Austin T. Hughes from San Antonio, Texas, is a senior at the University of Iowa. He is triple majoring in creative writing, theatre arts, and Japanese language and literature. He is a cellist and a cross-country runner at the university. Hughes served as co-president of The English Society at the University of Iowa. In that role, he showcased student literature to the campus community and beyond. He has won numerous awards for his poetry and creative writing. At Oxford, Hughes will pursue a master’s degree in Japanese studies. Continue reading “Three African American Students, Lia Petrose, Anea B. Moore and Austin T. Hughes, Named 2019 Rhodes Scholars”

Keke Palmer, Questlove, Ciara and Others Encourage Students to Apply to College Via Michelle Obama’s Reach Higher Initiative’s “Laundry” Campaign

Keke Palmer, Nick Cannon, Questlove and Kelly Rowland urge students to pledge to apply to college via Reach Higher’s “Laundry” campaign (screenshot via youtube)

It’s November! And that means it’s National College Application Month. Celebrate by joining former first lady Michelle Obama alongside Keke Palmer, Ciara, Bailee Madison, Karlie Kloss, Nick Cannon, Questlove, Kelly Rowland and many more for the launch of Reach Higher’s all-new “Laundry” campaign!

In the hands of college admissions offices across the nation are applications for entrance into college. Why not be one of them? Students across the country are encouraged to pledge to apply. After all, Knowledge is Power and Reach Higher has rolled out a fun, encouraging campaign to get students to apply.

The celebration began Thursday, November 8th, as celebrities and other notable figures shared social media posts encouraging students across the country to pledge to apply to college. In exchange for making this commitment, celebrities are pledging to do students’ laundry for an entire semester. (In reality, the celebrities will not be able to do anyone’s laundry, but they do care a lot about students’ education.) Here’s what they have to say:

Reach Higher is an initiative started by former First Lady Michelle Obama during her time in the White House, dedicated to inspiring every student in the U.S. to complete their education past high school by attending a professional training program, a community college or a traditional university.

This video is brought to you by Reach Higher’s student-facing campaign, Better Make Room, in partnership with Fullscreen, a global leader in social-first entertainment experiences and services for the world’s top talent, digital influencers, brands and avid fans.

You can take the pledge here: https://www.bettermakeroom.org/laundry/

For more info about Better Make Room : https://www.bettermakeroom.org

Be sure to follow Reach Higher’s Laundry campaign on social media:

@BetterMakeRoom: https://twitter.com/BetterMakeRoom/status/1060547502271676417

@BetterMakeRoom: https://www.instagram.com/p/Bp7GFTunInI/

All-Female Officials Team to Referee Title Game in CIAA, the Nation’s 1st African-American Football Conference

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The all-female officials team, plus referee Elbert Lassiter (far right) and umpire Leonard VanHoose (far left), for the Oct. 27 game between Winston-Salem State and Shaw University. (From left to right) Sharlanda Demingo, Ruth Onyekwelu, Christina Thurman, Joysha Gay, Bobbie Torain. (photo via the undefeated.com)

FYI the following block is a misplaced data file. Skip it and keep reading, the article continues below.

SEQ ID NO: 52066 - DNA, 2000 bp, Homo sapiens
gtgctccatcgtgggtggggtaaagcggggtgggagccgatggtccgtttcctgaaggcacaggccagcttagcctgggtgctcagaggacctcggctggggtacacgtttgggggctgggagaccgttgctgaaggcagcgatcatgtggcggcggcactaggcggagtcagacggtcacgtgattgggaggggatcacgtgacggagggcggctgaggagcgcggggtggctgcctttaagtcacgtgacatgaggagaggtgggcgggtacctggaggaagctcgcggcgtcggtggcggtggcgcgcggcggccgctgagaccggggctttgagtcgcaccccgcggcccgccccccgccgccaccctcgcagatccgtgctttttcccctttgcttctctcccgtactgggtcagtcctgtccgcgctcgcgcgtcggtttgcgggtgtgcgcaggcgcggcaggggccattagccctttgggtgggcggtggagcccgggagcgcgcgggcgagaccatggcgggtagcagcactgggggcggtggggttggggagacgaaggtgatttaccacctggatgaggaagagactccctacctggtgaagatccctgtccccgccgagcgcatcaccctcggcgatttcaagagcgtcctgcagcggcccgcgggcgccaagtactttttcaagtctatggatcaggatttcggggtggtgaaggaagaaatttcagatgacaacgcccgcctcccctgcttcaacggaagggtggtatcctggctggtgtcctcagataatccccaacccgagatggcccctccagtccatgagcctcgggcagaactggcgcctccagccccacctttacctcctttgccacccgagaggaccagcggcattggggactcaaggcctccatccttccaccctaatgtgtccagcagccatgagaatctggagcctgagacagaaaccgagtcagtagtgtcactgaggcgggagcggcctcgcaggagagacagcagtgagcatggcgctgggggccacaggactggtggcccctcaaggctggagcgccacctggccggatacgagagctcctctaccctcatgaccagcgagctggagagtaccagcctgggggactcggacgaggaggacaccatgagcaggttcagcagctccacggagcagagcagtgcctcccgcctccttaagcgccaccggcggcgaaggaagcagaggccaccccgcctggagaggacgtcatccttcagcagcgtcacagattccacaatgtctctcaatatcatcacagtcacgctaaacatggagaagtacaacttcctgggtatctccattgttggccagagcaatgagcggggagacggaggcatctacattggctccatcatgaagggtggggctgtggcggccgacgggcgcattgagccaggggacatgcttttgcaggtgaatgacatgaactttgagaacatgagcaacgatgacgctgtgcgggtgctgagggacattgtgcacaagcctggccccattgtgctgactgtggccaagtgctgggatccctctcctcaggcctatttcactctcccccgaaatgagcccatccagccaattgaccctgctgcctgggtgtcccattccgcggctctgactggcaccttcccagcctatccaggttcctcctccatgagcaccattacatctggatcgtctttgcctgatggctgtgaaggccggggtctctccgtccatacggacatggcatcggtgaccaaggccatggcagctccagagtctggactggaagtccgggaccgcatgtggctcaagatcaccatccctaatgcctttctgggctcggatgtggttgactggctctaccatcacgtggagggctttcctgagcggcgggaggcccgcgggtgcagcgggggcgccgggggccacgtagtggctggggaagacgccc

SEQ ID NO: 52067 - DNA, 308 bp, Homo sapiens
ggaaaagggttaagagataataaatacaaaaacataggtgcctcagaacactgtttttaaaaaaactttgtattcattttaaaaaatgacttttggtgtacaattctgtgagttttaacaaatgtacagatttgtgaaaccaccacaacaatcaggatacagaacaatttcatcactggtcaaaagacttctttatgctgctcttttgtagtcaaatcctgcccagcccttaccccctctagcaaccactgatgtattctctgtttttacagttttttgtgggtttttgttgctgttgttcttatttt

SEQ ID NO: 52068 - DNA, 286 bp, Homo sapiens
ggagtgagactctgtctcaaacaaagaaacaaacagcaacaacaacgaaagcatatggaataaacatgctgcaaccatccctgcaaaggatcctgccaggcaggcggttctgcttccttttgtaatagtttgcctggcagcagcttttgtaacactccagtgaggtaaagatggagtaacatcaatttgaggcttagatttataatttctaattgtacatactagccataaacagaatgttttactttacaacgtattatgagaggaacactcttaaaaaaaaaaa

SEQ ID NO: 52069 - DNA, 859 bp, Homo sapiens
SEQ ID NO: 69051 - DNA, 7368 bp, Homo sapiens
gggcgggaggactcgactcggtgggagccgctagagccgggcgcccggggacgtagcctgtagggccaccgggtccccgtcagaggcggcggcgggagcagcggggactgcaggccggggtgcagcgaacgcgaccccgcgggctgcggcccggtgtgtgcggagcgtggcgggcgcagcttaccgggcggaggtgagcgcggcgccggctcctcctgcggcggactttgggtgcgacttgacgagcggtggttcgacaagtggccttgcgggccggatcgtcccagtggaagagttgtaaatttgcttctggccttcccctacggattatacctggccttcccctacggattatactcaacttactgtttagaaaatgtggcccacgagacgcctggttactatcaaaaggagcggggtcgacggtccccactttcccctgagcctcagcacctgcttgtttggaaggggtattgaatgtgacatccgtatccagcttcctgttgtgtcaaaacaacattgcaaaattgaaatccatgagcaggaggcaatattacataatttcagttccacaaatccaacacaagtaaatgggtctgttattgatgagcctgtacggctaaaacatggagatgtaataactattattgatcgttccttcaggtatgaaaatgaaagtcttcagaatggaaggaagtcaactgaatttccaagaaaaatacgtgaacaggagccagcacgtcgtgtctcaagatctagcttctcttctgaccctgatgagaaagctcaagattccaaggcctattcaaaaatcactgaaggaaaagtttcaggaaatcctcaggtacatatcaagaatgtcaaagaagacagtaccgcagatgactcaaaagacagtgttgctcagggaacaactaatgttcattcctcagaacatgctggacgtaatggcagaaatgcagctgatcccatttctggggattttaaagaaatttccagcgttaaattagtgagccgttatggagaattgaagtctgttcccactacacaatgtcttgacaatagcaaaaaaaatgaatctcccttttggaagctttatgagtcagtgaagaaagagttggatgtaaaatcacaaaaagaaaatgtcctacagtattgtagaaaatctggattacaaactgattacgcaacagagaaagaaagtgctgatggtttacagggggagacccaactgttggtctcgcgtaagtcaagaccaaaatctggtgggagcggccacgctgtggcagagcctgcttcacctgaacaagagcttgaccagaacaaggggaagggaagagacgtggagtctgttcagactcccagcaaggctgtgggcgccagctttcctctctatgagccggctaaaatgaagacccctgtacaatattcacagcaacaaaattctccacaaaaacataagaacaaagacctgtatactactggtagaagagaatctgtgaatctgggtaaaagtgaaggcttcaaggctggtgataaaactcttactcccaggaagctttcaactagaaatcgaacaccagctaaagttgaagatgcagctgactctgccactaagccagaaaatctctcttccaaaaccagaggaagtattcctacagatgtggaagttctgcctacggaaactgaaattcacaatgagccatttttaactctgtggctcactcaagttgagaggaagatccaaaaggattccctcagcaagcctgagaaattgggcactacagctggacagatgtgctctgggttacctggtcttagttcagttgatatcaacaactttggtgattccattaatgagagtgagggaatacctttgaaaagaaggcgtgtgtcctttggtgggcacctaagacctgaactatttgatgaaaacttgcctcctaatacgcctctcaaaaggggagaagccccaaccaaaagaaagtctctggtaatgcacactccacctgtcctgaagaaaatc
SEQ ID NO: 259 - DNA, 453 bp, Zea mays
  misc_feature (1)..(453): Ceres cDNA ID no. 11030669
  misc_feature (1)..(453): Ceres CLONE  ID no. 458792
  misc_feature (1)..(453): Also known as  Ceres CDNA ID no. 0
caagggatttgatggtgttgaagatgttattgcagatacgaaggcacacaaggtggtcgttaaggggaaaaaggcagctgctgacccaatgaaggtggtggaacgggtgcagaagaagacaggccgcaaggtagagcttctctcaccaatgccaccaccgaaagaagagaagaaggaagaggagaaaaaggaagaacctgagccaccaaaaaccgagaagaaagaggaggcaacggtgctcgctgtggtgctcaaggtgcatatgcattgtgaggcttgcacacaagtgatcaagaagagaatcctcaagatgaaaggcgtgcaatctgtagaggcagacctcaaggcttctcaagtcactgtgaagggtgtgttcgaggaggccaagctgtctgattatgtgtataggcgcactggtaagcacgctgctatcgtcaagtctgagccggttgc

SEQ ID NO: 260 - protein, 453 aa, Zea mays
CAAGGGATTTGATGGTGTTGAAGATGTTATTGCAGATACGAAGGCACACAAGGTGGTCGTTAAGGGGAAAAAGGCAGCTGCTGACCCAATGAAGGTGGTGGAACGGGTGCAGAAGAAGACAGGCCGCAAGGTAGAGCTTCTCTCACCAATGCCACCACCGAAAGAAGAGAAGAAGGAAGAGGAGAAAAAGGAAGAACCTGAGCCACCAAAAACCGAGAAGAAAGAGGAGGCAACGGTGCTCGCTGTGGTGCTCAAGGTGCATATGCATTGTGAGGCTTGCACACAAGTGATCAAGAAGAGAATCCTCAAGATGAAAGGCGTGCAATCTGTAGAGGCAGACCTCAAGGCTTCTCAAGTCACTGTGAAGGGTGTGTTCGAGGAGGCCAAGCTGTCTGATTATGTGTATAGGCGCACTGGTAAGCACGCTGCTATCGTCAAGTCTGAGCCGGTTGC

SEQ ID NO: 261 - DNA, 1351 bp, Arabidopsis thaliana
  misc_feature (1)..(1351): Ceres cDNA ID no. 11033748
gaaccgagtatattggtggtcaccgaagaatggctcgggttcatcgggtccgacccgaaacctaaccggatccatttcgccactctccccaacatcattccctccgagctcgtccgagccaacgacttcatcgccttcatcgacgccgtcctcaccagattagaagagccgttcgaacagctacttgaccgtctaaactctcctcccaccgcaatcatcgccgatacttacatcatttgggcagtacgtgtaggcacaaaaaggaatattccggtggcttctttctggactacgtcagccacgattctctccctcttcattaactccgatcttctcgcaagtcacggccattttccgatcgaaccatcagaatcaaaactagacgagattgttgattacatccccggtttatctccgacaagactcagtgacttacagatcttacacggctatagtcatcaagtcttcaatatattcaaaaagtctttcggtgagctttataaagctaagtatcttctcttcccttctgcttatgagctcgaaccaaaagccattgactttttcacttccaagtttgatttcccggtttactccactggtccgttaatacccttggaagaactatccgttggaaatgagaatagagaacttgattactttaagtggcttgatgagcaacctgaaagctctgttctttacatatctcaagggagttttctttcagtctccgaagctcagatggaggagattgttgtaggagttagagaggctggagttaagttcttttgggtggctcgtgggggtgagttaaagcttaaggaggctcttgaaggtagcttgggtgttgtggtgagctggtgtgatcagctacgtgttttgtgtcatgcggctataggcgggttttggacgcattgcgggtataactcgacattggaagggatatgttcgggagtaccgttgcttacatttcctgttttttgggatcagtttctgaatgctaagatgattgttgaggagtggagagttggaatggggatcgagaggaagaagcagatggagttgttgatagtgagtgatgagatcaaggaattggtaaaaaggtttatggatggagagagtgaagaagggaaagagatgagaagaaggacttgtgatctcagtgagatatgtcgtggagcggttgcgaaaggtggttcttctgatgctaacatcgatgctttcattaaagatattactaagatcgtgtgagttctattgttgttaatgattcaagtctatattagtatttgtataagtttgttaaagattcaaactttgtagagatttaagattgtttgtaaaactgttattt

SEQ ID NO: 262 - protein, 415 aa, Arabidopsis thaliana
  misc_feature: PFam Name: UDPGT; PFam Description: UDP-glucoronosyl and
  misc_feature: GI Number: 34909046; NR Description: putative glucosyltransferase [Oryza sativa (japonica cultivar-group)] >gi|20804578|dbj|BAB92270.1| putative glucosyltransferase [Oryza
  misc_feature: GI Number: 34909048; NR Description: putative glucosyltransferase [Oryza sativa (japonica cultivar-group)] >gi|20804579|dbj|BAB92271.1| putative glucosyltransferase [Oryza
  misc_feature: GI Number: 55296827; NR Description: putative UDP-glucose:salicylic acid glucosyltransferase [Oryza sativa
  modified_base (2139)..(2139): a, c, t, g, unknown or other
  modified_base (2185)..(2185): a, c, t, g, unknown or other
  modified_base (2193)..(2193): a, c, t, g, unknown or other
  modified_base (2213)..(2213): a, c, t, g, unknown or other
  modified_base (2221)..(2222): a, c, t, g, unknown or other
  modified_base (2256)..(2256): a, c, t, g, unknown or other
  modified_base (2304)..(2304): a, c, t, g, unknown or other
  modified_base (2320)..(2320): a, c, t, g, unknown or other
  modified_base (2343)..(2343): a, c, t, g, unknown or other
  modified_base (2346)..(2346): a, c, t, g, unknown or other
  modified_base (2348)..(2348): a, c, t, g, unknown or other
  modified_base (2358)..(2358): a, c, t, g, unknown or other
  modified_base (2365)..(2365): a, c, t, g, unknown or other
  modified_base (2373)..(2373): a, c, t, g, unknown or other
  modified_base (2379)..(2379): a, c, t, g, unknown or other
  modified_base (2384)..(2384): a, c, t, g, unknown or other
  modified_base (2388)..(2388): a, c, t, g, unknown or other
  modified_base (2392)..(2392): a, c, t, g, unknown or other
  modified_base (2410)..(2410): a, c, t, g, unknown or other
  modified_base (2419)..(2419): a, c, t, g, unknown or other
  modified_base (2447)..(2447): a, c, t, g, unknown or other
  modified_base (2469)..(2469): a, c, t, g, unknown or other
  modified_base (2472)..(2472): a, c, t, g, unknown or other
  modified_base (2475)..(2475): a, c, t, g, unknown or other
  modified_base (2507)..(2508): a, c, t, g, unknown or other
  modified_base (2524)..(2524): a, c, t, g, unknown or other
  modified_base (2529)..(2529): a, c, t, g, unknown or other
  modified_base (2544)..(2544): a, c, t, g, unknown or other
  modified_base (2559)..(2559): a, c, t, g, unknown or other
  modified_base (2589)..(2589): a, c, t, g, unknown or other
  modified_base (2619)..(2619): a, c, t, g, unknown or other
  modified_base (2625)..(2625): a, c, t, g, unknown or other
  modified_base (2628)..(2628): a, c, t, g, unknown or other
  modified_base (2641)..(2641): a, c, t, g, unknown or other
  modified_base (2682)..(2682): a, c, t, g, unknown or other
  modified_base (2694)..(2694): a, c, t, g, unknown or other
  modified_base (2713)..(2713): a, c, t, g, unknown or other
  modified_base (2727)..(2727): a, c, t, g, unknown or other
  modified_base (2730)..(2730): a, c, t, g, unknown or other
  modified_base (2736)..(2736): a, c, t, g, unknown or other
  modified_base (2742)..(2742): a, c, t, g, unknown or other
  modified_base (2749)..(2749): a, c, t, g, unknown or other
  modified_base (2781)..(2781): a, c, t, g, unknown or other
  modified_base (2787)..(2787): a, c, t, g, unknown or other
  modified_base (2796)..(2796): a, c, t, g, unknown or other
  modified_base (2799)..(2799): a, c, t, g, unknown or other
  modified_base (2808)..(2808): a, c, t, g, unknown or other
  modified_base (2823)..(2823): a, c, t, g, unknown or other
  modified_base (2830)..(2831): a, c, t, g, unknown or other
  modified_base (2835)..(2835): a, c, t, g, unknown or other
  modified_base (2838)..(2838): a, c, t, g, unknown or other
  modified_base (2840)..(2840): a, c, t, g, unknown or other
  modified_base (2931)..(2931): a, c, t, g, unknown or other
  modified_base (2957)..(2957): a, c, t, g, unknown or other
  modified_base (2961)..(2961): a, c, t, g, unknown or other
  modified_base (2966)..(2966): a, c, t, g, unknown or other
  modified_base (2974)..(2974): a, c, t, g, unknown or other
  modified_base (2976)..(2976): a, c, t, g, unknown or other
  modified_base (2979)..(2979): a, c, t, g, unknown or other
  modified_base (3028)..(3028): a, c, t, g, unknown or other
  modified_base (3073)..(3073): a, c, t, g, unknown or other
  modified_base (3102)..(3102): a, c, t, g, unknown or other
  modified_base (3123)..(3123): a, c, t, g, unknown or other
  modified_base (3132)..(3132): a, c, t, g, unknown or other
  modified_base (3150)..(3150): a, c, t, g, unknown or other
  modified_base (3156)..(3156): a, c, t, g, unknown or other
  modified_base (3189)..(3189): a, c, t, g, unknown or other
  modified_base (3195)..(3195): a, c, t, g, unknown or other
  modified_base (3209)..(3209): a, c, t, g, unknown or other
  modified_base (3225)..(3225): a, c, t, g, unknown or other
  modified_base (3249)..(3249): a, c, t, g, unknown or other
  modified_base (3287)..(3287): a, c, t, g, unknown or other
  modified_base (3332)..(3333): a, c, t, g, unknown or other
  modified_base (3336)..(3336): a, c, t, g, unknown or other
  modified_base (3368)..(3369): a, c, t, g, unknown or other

by Mark W. Wright via theundefeated.com

Sharlanda Demingo had to make a call — and a tough one at that.

Her son, Amadious, demanded that she quit one of her jobs so he could see more of her at home.

“He was in middle school and playing basketball,” Demingo recalled of the conversation with her then-12-year-old. “He was in the band, and I would miss his games sometimes because I was always out, either at a basketball game or at a football game, so I couldn’t go to his marching band events.”

When Amadious’ grades started to suffer, things got real. “It seemed like he started struggling in school, too, so I had to pay attention to that.”

At the time, Demingo had been pursuing her passion as a referee, in basketball and football. As much as she knew she had to put her time in, success there couldn’t come at the expense of family. “So I decided to pursue football primarily and if I wanted to do basketball, I’d do some rec games on the side but not continue to pursue basketball.”

It was the best call she could have made — there’s been zero second-guessing.

Born and raised in Columbus, Ohio, Demingo developed a love for basketball after joining the Air Force in 2002. After completing basic training in Lackland, Texas, her first duty station stop took her to Spangdahlem Air Base in Germany, where she started officiating basketball, following in her father’s footsteps.

“Growing up as a little girl, my dad used to officiate basketball, so I used to go to the games with him,” said Demingo, who continued refereeing after her tour ended in Germany and her second stop — in Hurlburt Field, Florida — began.

By 2006, when she got out of the military and moved to Atlanta, Demingo had added football to her repertoire — and now she will be part of an all-female, five-person officiating crew poised to manage the Central Intercollegiate Athletic Association (CIAA) football championship game, between Fayetteville State and Bowie State, Saturday in Salem, Virginia.

Bowie State enters the game 8-2 overall, 8-1 against Division II competition and 6-1 against CIAA opponents. It is led by quarterback Amir Hall, the leading passer in Division II who was the 2017 Black College Player of the Year. It’s Bowie State’s third appearance in the championship game in five seasons.